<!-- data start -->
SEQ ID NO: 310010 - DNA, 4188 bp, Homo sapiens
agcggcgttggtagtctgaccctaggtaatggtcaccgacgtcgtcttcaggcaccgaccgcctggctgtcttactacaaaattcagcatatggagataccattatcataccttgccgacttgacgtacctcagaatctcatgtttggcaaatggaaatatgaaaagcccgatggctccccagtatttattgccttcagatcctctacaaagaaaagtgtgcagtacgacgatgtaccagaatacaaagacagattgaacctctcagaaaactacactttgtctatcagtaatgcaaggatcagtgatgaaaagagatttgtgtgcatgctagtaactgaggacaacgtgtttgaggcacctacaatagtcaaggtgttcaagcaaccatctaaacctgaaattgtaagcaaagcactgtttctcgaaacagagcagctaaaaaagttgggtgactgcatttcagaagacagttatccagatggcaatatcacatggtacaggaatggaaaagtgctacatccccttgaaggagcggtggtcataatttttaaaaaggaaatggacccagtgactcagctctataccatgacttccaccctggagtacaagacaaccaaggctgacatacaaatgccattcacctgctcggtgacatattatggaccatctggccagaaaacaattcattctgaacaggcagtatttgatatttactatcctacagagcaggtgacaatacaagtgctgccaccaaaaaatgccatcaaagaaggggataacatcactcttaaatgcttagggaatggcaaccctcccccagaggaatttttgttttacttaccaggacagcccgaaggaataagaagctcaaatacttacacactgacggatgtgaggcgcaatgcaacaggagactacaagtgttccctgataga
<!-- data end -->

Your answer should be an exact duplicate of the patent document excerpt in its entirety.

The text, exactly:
SEQ ID NO: 310010 - DNA, 4188 bp, Homo sapiens
agcggcgttggtagtctgaccctaggtaatggtcaccgacgtcgtcttcaggcaccgaccgcctggctgtcttactacaaaattcagcatatggagataccattatcataccttgccgacttgacgtacctcagaatctcatgtttggcaaatggaaatatgaaaagcccgatggctccccagtatttattgccttcagatcctctacaaagaaaagtgtgcagtacgacgatgtaccagaatacaaagacagattgaacctctcagaaaactacactttgtctatcagtaatgcaaggatcagtgatgaaaagagatttgtgtgcatgctagtaactgaggacaacgtgtttgaggcacctacaatagtcaaggtgttcaagcaaccatctaaacctgaaattgtaagcaaagcactgtttctcgaaacagagcagctaaaaaagttgggtgactgcatttcagaagacagttatccagatggcaatatcacatggtacaggaatggaaaagtgctacatccccttgaaggagcggtggtcataatttttaaaaaggaaatggacccagtgactcagctctataccatgacttccaccctggagtacaagacaaccaaggctgacatacaaatgccattcacctgctcggtgacatattatggaccatctggccagaaaacaattcattctgaacaggcagtatttgatatttactatcctacagagcaggtgacaatacaagtgctgccaccaaaaaatgccatcaaagaaggggataacatcactcttaaatgcttagggaatggcaaccctcccccagaggaatttttgttttacttaccaggacagcccgaaggaataagaagctcaaatacttacacactgacggatgtgaggcgcaatgcaacaggagactacaagtgttccctgataga